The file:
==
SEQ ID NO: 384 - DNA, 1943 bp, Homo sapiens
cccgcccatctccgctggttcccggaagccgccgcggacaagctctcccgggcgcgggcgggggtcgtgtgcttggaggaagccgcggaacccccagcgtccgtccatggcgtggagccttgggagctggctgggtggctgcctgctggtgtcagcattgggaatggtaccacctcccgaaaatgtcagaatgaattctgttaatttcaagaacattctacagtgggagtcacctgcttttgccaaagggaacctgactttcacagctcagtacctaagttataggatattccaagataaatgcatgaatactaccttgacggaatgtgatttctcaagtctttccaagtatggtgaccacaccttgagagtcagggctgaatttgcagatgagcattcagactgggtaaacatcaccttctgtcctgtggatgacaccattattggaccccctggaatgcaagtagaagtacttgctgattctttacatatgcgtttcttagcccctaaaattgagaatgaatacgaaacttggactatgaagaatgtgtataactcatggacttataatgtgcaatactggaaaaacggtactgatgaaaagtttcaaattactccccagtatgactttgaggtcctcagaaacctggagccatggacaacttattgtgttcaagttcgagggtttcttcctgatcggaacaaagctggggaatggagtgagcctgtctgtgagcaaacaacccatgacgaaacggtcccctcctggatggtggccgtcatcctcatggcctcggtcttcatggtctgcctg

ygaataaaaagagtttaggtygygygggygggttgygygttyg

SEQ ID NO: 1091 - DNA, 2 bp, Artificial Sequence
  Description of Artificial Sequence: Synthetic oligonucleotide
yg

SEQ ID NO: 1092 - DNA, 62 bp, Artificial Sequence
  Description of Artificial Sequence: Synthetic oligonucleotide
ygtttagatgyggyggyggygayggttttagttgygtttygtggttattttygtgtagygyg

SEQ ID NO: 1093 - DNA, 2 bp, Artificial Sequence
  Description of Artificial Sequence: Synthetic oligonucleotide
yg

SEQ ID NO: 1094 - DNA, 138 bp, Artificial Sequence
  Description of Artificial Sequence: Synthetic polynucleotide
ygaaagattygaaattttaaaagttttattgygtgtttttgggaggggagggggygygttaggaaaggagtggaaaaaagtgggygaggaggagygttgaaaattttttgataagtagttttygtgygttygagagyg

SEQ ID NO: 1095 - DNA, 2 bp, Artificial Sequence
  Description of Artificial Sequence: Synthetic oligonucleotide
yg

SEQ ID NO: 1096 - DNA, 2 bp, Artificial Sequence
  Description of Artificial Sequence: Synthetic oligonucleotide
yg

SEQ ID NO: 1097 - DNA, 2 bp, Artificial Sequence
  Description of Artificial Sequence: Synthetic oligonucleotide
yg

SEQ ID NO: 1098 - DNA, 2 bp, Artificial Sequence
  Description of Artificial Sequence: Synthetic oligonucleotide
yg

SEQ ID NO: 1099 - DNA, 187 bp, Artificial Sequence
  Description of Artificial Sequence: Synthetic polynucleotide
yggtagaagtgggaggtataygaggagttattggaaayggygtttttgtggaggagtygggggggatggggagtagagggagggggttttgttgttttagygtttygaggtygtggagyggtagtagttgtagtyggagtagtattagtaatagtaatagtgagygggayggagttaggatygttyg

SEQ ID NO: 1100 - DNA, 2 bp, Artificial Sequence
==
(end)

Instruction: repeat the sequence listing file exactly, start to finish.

SEQ ID NO: 384 - DNA, 1943 bp, Homo sapiens
cccgcccatctccgctggttcccggaagccgccgcggacaagctctcccgggcgcgggcgggggtcgtgtgcttggaggaagccgcggaacccccagcgtccgtccatggcgtggagccttgggagctggctgggtggctgcctgctggtgtcagcattgggaatggtaccacctcccgaaaatgtcagaatgaattctgttaatttcaagaacattctacagtgggagtcacctgcttttgccaaagggaacctgactttcacagctcagtacctaagttataggatattccaagataaatgcatgaatactaccttgacggaatgtgatttctcaagtctttccaagtatggtgaccacaccttgagagtcagggctgaatttgcagatgagcattcagactgggtaaacatcaccttctgtcctgtggatgacaccattattggaccccctggaatgcaagtagaagtacttgctgattctttacatatgcgtttcttagcccctaaaattgagaatgaatacgaaacttggactatgaagaatgtgtataactcatggacttataatgtgcaatactggaaaaacggtactgatgaaaagtttcaaattactccccagtatgactttgaggtcctcagaaacctggagccatggacaacttattgtgttcaagttcgagggtttcttcctgatcggaacaaagctggggaatggagtgagcctgtctgtgagcaaacaacccatgacgaaacggtcccctcctggatggtggccgtcatcctcatggcctcggtcttcatggtctgcctg

ygaataaaaagagtttaggtygygygggygggttgygygttyg

SEQ ID NO: 1091 - DNA, 2 bp, Artificial Sequence
  Description of Artificial Sequence: Synthetic oligonucleotide
yg

SEQ ID NO: 1092 - DNA, 62 bp, Artificial Sequence
  Description of Artificial Sequence: Synthetic oligonucleotide
ygtttagatgyggyggyggygayggttttagttgygtttygtggttattttygtgtagygyg

SEQ ID NO: 1093 - DNA, 2 bp, Artificial Sequence
  Description of Artificial Sequence: Synthetic oligonucleotide
yg

SEQ ID NO: 1094 - DNA, 138 bp, Artificial Sequence
  Description of Artificial Sequence: Synthetic polynucleotide
ygaaagattygaaattttaaaagttttattgygtgtttttgggaggggagggggygygttaggaaaggagtggaaaaaagtgggygaggaggagygttgaaaattttttgataagtagttttygtgygttygagagyg

SEQ ID NO: 1095 - DNA, 2 bp, Artificial Sequence
  Description of Artificial Sequence: Synthetic oligonucleotide
yg

SEQ ID NO: 1096 - DNA, 2 bp, Artificial Sequence
  Description of Artificial Sequence: Synthetic oligonucleotide
yg

SEQ ID NO: 1097 - DNA, 2 bp, Artificial Sequence
  Description of Artificial Sequence: Synthetic oligonucleotide
yg

SEQ ID NO: 1098 - DNA, 2 bp, Artificial Sequence
  Description of Artificial Sequence: Synthetic oligonucleotide
yg

SEQ ID NO: 1099 - DNA, 187 bp, Artificial Sequence
  Description of Artificial Sequence: Synthetic polynucleotide
yggtagaagtgggaggtataygaggagttattggaaayggygtttttgtggaggagtygggggggatggggagtagagggagggggttttgttgttttagygtttygaggtygtggagyggtagtagttgtagtyggagtagtattagtaatagtaatagtgagygggayggagttaggatygttyg

SEQ ID NO: 1100 - DNA, 2 bp, Artificial Sequence